Delkin make universal battery chargers with very cheap adapter plates.
    http://delkin.com/i-5937097-canon-lpe6-custom-battery-plates-for-the-dual-universal-charger-2-pack.html

  2. Did you consider using removable Li-Ion batteries? There are two options comming straight to my mind:

    1)
    use (thick) camera batteries
    + one could buy a backup set of aftermarket batteries or use the existing ones of his camera
    + can be recharged with the existing battery charger of the camera
    – the device has to support different “connetors” to suite at least the most common battery types

    2)
    use (thin) cell phone batteries (I also worked at Vodafone šŸ˜‰
    + cheap in the aftermarket
    + they are meant to be charged by a USB power
    – a charger must be found or a way to charge and use at the same time

    • @Mirko Good points.

      Re. Camera batteries, I’ve struggled a bit to make room for that on the back. V-mount batteries for example takes up a fair bit of room and I’m not sure how to fit them while still allowing for convenient access to buttons and the display. Manufacturing a variety of connectors would be expensive, but there may be something useful on the market already?

      Re. Cell phone batteries, I haven’t found cell phone batteries that are powerful enough. The problem is the discharge rate and the internal resistance of the batteries. If we could find prismatic (flat) 1500 mAh LiPoly aftermarket batteries that could sustain a constant 1C or more discharge rate, that could be a great solution. Most batteries can deliver 1C on paper, but not in reality šŸ™‚

      BTW, you guys show awesome work on your website! I would love to get your feedback on the design of the light, if you are OK with that.

  3. Good point on the environmental issue. I’m mostly using rechargeable batteries myself, so I don’t really think about batteries as disposable any more. But from talking to other photogs, it is apparent that the option to throw in standard AA’s in a pinch is important.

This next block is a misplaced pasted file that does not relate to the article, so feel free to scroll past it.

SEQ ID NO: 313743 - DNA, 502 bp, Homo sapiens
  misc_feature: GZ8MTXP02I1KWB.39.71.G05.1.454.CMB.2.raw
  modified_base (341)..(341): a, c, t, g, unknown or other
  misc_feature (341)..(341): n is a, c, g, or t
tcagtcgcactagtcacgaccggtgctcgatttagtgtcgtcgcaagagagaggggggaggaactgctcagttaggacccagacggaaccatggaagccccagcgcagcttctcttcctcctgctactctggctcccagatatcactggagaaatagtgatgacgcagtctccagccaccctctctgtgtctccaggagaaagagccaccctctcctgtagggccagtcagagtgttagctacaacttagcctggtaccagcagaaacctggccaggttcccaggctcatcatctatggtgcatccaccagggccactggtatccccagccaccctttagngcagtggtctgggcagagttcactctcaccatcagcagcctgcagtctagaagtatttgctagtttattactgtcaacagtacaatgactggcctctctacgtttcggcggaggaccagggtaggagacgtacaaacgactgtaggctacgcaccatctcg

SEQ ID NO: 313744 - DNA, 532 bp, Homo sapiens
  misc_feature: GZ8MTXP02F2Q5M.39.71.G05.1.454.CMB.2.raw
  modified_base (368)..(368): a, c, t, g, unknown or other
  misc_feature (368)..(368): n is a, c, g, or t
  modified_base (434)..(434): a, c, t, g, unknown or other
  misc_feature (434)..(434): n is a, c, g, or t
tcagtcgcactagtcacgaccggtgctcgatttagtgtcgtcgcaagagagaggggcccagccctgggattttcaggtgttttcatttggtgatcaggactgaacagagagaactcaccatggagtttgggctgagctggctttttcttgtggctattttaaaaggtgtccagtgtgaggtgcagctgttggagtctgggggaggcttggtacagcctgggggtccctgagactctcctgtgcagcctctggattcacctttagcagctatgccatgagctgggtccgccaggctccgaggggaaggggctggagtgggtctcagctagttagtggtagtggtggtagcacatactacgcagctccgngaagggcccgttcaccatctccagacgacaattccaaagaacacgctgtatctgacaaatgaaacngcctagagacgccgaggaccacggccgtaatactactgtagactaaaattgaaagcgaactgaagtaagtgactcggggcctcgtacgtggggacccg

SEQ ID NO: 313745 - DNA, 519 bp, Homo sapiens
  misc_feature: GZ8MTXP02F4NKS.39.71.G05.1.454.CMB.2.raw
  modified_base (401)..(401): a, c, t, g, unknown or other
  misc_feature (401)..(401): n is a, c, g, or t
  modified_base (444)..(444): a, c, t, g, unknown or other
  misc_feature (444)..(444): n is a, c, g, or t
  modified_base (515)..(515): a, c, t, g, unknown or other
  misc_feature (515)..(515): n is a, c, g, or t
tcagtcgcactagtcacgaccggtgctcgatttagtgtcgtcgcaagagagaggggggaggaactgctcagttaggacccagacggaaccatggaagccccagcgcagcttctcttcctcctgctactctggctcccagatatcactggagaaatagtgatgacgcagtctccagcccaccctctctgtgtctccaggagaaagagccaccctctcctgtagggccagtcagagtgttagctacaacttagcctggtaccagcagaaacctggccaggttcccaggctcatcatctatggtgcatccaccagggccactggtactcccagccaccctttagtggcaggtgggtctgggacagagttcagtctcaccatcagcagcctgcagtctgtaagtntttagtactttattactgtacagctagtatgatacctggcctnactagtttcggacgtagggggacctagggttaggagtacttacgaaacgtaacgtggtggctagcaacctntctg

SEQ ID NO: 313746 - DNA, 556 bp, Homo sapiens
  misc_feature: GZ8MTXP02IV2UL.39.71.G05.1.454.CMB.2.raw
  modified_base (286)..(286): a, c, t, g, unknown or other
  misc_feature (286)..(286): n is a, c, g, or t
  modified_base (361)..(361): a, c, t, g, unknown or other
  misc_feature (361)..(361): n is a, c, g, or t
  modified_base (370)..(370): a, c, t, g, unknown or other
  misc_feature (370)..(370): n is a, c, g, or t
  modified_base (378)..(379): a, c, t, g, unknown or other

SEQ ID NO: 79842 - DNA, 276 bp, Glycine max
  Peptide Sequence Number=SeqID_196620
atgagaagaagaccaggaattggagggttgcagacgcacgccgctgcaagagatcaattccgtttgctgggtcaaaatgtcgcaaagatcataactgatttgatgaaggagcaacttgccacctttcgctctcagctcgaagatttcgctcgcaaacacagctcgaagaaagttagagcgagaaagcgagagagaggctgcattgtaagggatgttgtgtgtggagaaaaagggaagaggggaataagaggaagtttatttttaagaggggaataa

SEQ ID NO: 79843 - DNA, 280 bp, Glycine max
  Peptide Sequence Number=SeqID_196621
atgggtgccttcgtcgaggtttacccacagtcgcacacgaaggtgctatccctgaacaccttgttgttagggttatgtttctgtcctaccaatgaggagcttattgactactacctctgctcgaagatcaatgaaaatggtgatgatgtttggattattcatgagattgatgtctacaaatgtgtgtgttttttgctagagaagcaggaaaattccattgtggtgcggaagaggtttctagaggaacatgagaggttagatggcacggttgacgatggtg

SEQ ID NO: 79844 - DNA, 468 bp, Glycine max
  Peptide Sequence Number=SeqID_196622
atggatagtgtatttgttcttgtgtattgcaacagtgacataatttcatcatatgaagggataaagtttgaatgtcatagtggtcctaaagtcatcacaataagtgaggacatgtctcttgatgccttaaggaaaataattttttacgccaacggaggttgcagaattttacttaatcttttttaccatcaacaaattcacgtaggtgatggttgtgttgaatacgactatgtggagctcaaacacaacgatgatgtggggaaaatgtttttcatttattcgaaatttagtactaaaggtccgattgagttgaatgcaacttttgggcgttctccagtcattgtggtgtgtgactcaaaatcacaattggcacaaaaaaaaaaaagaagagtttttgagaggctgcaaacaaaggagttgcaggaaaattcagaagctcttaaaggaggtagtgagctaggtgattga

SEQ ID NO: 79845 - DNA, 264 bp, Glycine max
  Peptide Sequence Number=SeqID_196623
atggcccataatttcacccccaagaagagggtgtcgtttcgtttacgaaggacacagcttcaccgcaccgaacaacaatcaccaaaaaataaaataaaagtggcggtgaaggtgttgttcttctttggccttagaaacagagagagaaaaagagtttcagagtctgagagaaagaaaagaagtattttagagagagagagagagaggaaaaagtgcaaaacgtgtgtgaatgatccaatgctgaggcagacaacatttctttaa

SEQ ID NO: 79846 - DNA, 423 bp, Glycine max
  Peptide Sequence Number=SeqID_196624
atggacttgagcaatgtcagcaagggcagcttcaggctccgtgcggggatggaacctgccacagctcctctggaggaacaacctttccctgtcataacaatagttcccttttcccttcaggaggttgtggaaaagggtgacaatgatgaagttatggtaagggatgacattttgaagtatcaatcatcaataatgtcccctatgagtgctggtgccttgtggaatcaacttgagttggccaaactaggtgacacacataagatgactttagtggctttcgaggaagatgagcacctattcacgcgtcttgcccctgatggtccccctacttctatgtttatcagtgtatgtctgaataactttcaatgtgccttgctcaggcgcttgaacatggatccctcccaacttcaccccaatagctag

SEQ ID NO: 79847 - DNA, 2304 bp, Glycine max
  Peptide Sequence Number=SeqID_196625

I can tell you that the power versus weight issue is one of the the most thorny problems around here. With the current battery technology, it is just not possible to create a device that at the same time has high power, is small and weights nothing. We have to chose and we’ll first focus on a lightweight version with moderate light output.

    We’re looking at supporting a wide range of battery chemistries including the Li-Ion types used in cameras. You are saying battery life is critical and that means Li-Ion which is expensive and require special electronics in the device. But you get a lot more power to play with..

  4. I don’t know what kind of device you are planning but think that you should reconsider an internal battery. One aspect you didn’t mention was the environmental impact. Photographers who use speedlights throw away an enormous quantity of batteries every year. That is not good and you can never trust your user base to recycle.

    I use an Elinchrom Quadra. It is very expensive but highly powered and the battery lasts long enough for a couple of extensive portrait shoots. You probably want to make something lighter and cheaper than this but I can not tell you how much of a pain in the arse it would if I had to change batteries every five minutes.

    Why not something like the cannon battery grip? It uses bespoke rechargeable batteries which last forever between charges but still allows you to fill it with AA’s if you get caught without a charger.